Tradier Rundown

The Case of Grain Exposure During the Peak Growing Season

Grains and oilseeds drive food and biofuel markets; weather, conflicts, and energy demands influence prices and investment opportunities.


Grains and oilseeds feed and increasingly power the world. While agricultural products are critical ingredients in the food consumed daily, they are also inputs in biofuels. Corn is the primary ingredient in U.S. ethanol, while Brazil produces biofuel with sugarcane. The U.S. is the world’s top corn producer and exporter, while Brazil has the same position in free-market sugar.

Processors crush soybeans into oil and meal. Soybean oil is required for biodiesel fuel. As the demand side of the fundamental grain and oilseed markets changes and expands, producers must keep pace with the increased requirements.

Late spring and early summer are critical for agricultural commodities as the weather across the fertile growing regions determines the quality and quantity of products harvested in the fall. Grain and oilseed prices rallied to multi-year, and in wheat’s case, all-time highs in 2022. They have declined from those lofty levels, posting losses in 2023 and Q1 2024. However, prices have stabilized from the Q1 closing levels and the consolidation could mean prices will head higher over the coming weeks and months.

Corn, soybean, and wheat prices declined in 2023 and Q1 2024

  • Corn futures fell 30.55% in 2023 and were another 6.21% lower in Q1 2024.
  • Soybean futures declined 14.86% in 2023 and fell another 7.89% in Q1 2024.
  • CBOT wheat futures dropped 20.71% in 2023 and were 10.79% lower in Q1 2024.

Wheat leads the way in Q2

  • Corn futures settled at $4.42 per bushel at the end of Q1. At $4.5050 on June 10, corn was 1.9% higher in Q2.
  • Soybean futures settled at $11.9150 per bushel at the end of Q1. At $11.82 on June 10, soybeans were 0.80% lower in Q2.
  • CBOT wheat futures settled at $5.6025 per bushel at the end of Q1. At $6.1075 on June 10, wheat was 9% higher in Q2.

The case for higher prices

  • The weather over the growing season between June and September is the critical factor for the path of least resistance of grain and oilseed prices. Any weather issues could impact crop levels.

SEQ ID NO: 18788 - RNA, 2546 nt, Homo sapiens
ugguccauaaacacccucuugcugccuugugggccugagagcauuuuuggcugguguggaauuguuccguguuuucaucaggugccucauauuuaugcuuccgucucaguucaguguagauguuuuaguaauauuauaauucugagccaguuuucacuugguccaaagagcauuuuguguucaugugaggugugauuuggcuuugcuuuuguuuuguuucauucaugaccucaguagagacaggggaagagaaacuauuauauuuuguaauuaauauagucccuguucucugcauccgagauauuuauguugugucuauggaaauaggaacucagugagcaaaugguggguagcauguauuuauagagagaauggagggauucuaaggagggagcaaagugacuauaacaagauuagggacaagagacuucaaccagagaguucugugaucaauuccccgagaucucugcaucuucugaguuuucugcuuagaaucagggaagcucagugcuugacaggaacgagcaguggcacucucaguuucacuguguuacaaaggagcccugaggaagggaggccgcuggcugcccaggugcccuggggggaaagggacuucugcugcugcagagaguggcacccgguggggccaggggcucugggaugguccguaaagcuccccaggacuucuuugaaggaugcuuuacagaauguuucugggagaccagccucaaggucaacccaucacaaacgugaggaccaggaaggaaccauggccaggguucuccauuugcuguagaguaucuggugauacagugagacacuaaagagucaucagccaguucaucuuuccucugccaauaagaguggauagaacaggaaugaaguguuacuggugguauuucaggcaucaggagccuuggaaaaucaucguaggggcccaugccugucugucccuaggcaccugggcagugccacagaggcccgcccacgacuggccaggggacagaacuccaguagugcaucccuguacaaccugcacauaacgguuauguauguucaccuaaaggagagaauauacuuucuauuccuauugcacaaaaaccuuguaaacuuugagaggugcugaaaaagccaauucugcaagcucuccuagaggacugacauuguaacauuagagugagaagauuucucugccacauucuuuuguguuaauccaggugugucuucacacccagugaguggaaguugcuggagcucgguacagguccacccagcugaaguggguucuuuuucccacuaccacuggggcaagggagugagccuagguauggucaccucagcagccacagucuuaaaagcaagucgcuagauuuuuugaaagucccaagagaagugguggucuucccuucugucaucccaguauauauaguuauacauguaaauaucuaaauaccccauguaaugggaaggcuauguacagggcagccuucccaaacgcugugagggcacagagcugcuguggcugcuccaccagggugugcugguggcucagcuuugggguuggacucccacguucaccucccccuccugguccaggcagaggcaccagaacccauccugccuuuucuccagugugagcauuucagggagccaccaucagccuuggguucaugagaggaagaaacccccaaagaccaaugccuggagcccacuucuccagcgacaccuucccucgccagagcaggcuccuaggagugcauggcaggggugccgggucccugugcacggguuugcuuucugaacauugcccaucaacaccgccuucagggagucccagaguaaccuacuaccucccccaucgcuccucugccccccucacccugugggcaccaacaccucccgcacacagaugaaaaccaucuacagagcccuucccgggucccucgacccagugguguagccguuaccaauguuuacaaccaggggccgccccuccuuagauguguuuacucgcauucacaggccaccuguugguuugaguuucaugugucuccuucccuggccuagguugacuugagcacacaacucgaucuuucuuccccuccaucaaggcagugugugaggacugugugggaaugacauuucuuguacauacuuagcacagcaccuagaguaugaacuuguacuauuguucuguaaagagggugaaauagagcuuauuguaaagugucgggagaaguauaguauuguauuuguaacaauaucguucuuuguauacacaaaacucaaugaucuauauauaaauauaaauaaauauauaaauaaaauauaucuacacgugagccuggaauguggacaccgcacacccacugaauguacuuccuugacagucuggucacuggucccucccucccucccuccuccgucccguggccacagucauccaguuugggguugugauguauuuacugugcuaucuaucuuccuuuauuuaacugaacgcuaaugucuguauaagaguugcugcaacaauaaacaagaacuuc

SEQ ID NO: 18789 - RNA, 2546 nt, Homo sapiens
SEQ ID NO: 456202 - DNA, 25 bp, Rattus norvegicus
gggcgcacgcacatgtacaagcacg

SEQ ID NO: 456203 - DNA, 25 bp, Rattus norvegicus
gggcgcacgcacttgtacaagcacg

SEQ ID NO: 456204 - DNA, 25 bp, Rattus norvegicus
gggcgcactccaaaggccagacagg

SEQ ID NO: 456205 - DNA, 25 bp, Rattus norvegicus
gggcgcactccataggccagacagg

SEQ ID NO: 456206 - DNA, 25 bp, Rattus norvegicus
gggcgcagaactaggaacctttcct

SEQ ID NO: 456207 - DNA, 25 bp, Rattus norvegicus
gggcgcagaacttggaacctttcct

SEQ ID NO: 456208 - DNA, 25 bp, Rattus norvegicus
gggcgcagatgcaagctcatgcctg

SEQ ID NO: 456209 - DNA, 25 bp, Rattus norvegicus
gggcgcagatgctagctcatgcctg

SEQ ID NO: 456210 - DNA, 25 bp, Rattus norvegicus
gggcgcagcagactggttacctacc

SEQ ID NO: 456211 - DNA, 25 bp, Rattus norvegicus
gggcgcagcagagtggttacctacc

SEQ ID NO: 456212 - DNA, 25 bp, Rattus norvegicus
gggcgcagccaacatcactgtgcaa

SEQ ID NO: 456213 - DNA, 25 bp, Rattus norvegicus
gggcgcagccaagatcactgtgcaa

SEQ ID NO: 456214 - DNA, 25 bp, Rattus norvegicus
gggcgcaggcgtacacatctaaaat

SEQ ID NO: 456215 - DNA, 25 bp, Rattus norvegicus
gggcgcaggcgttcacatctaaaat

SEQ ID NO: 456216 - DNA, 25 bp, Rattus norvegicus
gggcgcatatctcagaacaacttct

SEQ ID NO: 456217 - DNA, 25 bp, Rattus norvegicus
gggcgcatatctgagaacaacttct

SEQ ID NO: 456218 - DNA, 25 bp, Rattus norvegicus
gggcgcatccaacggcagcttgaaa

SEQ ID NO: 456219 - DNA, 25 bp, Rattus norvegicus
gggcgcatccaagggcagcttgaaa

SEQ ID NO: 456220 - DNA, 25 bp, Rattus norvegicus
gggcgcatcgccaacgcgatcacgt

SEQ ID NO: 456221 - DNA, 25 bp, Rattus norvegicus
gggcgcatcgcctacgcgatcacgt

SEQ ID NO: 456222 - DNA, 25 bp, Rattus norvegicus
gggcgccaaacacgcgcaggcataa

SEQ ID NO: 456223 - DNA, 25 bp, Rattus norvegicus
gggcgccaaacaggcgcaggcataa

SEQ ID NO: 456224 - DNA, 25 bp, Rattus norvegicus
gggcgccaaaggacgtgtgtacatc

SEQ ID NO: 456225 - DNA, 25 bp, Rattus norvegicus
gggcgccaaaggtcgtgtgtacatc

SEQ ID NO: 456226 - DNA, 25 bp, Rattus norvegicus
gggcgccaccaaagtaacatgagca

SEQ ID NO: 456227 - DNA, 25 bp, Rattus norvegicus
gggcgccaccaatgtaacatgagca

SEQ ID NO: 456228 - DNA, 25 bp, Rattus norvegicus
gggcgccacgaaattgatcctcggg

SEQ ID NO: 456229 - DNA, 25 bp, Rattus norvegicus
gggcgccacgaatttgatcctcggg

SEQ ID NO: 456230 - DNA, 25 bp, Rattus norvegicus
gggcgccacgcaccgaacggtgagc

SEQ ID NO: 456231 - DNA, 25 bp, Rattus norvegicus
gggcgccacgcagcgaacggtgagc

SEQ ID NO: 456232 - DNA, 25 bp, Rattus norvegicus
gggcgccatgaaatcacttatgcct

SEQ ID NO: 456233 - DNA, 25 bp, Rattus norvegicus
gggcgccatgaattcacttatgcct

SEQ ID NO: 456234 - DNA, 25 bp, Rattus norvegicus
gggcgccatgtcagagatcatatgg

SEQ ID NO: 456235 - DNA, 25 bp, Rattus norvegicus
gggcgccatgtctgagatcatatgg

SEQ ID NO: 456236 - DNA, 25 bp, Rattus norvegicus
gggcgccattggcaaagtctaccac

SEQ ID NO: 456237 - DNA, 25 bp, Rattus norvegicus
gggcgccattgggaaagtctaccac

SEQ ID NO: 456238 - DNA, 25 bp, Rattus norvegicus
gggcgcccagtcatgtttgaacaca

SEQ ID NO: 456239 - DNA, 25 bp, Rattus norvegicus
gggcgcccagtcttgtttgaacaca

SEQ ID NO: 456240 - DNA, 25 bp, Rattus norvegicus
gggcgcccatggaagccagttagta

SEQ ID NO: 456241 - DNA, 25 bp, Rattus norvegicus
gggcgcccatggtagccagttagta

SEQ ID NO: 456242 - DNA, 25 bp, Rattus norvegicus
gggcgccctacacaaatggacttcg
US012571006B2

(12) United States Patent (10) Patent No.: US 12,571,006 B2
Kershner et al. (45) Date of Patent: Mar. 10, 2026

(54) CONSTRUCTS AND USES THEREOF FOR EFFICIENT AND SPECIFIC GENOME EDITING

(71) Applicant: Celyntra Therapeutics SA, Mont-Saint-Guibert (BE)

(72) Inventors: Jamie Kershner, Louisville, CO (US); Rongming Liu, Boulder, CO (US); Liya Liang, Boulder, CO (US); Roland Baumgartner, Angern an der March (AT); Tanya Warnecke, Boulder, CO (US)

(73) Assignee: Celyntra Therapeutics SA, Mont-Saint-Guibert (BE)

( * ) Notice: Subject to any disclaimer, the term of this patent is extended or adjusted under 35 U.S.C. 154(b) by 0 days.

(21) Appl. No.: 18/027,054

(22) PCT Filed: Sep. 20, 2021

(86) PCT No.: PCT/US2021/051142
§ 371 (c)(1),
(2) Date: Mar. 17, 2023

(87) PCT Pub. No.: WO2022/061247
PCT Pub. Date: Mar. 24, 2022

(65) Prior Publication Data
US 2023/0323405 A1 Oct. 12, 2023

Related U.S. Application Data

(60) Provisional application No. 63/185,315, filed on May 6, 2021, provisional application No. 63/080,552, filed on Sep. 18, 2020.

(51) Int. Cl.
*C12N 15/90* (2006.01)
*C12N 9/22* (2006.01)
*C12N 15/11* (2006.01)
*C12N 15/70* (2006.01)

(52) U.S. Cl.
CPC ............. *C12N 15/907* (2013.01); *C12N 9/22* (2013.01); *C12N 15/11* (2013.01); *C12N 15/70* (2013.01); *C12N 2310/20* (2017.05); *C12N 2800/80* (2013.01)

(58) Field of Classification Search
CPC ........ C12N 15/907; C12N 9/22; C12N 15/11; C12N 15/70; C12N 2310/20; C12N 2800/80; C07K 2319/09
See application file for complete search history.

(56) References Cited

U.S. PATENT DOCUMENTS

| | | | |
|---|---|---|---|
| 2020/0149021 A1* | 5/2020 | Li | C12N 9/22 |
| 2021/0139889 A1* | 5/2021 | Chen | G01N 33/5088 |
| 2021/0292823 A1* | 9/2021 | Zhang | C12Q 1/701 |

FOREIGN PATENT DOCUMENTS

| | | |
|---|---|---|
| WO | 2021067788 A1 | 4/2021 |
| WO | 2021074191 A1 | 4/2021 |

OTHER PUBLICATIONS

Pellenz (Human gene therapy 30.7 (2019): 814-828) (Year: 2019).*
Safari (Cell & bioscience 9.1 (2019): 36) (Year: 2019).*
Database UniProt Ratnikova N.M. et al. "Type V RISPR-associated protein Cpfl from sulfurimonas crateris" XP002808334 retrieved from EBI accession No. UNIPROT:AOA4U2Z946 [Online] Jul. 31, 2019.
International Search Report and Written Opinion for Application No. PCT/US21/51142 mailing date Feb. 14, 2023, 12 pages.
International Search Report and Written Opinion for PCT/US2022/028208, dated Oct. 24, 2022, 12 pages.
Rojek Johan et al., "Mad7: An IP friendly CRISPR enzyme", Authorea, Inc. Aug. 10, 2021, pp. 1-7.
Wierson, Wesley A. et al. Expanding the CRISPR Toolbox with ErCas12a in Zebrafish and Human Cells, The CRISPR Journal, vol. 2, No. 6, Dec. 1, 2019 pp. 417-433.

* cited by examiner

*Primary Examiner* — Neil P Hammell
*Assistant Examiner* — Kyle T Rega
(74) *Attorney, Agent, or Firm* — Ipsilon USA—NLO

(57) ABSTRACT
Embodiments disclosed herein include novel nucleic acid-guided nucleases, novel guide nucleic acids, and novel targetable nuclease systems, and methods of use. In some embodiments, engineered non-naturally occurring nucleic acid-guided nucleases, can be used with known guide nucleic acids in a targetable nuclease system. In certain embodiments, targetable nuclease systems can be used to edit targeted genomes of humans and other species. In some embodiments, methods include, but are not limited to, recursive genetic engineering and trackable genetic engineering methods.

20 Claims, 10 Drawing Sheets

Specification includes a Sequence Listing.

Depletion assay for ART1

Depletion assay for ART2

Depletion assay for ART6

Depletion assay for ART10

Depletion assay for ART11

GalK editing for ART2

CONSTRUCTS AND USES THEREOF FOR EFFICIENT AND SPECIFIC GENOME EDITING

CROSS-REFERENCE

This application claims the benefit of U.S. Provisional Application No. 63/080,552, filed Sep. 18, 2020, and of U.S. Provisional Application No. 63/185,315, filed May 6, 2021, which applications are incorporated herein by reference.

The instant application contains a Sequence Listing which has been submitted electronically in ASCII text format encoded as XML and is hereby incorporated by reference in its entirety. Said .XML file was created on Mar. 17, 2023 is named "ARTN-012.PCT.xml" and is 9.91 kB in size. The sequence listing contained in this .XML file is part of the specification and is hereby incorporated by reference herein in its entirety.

• The world’s over eight billion population requires increasing production to meet the global requirements.
  • Corn is the primary ingredient in U.S. ethanol, and soybeans are used in biodiesel. Rising demand from the energy sector only increases the crop requirements.
  • The ongoing war in Europe’s breadbasket in Russia and Ukraine could impact worldwide supplies.
  • After the declines from the 2022 highs, the current price levels limit the downside risk in corn, soybeans, and wheat futures markets while the upside potential remains significant.

ETFs that track grain and oilseed prices

  • The Invesco DB Agriculture Fund (DBA) owns long positions in grains and oilseeds.
  • The Teucrium Corn ETF (CORN) tracks a portfolio of three actively traded CBOT corn futures contracts.
  • The Teucrium Soybean ETF (SOYB) tracks a portfolio of three actively traded CBOT soybean futures contracts.
  • The Teucrium Wheat ETF (WEAT) tracks a portfolio of three actively traded CBOT wheat futures contracts. 

Pick-and-shovel agricultural ETFs that reflect prices

  • The VanEck Agribusiness ETF (MOO) owns shares in companies that support agricultural production, including farm equipment, fertilizers, processors, and other related agribusinesses.
  • Archer Daniels Midland (ADM) is a leading global agricultural processing and production company.
  • Bunge Limited (BG) is another leading agricultural processing and production company worldwide.
  • ADM and BG are two of the four ABCD leading agricultural companies and the only two publicly traded ones. Cargill and Dreyfus are privately held companies.

The weather over the coming months will be the primary determinant of the path of least resistance of agricultural commodity prices as it will determine the 2024 crops. However, worldwide conflicts that can interfere with production and logistics, the growing worldwide population, and addressing climate change using agricultural products to produce biofuels are reasons that limit the downside for prices and favor the potential of rallies over the coming months and years. Allocating a percentage of investment or trading portfolios to the products that feed and increasingly power the world provides diversification.

Thanks for reading, and stay tuned for the next edition of the Tradier Rundown!


Similar posts

Subscribe to our newsletter today!